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Commode Kirchheim Teck
Baroque secretary
Bandelwerk
Baroque chest of drawers
Baroque fitting
Original furniture
Baroque secretary
Baroque marquetry

Baroque


The term "baroque" derives from the French "baroque" and literally means as much as crooked, irregular and strange, but also turgid or ridiculous. The term was first used in the beginning of classicism to describe the peculiar formal language of that time. Since the beginning of the 20th century, the term has been used as a stylistic designation for the entire epoch.

The Baroque is divided into Early Baroque (from 1600), High Baroque (from 1650) and Late Baroque (from 1690). In Germany, it was not until 1700 that the full development of a very late but glamorous Baroque came about.

Baroque furniture

In the Baroque period, the chest, which had been very popular until then, changed into a chest of drawers. The most commonly used woods were oak and walnut, and the technique of veneering became increasingly important.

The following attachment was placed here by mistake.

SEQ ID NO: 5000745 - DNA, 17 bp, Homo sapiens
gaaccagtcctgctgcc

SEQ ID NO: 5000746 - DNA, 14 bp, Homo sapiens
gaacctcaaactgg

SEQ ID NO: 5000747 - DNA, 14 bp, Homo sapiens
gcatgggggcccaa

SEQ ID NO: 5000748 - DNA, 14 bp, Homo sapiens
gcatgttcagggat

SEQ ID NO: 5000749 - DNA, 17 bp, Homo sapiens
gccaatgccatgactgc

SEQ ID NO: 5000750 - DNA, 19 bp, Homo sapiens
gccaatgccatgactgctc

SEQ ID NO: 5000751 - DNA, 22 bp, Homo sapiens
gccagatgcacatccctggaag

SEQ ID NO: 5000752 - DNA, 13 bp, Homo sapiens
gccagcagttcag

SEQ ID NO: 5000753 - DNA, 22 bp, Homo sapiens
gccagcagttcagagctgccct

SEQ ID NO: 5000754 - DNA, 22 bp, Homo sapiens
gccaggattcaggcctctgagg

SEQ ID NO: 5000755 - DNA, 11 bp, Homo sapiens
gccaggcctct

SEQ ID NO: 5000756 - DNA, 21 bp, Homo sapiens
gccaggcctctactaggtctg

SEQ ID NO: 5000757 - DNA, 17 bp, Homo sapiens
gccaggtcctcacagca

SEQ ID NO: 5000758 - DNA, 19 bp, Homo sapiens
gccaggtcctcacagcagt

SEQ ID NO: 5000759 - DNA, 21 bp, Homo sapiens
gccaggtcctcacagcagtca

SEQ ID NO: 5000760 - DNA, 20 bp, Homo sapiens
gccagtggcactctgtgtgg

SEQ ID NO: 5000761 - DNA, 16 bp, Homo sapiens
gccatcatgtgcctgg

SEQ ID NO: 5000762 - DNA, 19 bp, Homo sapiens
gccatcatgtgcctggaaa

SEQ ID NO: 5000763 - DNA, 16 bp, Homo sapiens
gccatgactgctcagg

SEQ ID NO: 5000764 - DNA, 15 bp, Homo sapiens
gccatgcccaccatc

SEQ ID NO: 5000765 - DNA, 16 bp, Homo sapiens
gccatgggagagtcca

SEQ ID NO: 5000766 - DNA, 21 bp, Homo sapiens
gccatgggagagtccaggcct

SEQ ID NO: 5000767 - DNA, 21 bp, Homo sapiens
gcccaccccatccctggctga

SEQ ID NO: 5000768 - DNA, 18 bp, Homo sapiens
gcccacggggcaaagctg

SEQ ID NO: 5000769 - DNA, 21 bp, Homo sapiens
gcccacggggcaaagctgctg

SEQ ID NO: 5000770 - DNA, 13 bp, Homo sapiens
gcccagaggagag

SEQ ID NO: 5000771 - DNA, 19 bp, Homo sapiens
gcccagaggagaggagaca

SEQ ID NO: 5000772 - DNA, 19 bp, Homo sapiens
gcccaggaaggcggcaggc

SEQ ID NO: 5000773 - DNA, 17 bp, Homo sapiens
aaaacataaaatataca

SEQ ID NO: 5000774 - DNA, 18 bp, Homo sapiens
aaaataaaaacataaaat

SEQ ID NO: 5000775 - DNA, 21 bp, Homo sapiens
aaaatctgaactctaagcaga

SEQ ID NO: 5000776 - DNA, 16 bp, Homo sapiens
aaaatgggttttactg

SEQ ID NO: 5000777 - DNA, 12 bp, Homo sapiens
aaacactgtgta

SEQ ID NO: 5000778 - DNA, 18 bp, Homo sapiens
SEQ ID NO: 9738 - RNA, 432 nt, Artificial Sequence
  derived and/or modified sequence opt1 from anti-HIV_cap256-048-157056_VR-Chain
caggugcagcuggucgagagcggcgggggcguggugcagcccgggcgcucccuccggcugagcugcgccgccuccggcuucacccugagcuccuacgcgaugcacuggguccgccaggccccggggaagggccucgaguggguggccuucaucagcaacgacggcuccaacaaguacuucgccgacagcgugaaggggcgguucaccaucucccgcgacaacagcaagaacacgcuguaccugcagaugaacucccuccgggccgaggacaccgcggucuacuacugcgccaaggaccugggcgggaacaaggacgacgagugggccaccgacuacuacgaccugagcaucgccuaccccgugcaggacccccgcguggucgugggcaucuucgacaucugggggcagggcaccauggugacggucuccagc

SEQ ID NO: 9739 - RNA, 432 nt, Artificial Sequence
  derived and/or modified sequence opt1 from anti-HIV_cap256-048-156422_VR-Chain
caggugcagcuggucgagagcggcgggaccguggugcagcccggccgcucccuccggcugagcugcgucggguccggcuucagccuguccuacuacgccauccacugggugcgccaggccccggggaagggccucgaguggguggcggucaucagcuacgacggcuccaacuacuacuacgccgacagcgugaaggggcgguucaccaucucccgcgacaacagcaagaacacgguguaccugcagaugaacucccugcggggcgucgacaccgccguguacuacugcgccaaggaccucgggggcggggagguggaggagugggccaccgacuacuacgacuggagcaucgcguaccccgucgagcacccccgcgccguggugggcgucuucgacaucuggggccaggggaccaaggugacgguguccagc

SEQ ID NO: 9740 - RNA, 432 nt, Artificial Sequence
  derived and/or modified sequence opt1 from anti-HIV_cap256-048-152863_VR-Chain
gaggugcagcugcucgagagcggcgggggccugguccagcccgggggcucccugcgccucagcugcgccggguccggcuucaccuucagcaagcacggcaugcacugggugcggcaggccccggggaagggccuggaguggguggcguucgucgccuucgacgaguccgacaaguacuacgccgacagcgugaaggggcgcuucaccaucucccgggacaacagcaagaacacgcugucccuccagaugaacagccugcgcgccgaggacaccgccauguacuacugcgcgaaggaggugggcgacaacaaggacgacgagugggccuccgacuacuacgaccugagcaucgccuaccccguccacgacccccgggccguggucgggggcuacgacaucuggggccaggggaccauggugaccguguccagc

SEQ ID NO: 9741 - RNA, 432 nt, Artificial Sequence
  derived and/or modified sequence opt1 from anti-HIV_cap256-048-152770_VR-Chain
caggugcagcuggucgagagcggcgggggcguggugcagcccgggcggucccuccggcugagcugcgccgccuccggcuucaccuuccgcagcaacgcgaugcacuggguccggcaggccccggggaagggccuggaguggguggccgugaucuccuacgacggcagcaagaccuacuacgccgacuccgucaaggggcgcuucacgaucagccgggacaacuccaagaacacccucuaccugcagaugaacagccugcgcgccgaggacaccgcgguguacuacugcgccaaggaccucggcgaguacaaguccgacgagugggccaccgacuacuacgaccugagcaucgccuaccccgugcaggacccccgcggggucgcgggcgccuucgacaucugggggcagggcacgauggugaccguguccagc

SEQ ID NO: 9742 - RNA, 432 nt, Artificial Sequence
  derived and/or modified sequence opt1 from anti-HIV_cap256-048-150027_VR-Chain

The shape of the furniture varied greatly from region to region, so it is very easy to assign baroque furniture to specific regions. In general, one can say that curved, symmetrical forms were popular. Mirrored veneers, inlays and ivory inlays gave the furniture its special character. The so-called bandelwerk marquetry is particularly typical of German Baroque furniture. Additionally applied bronze ornaments were fire-gilded in an elaborate technique.

The locks and fittings were elaborately forged and often finely chased. They were fastened with forged nails or hand-filed screws that were simply slotted at the heads.


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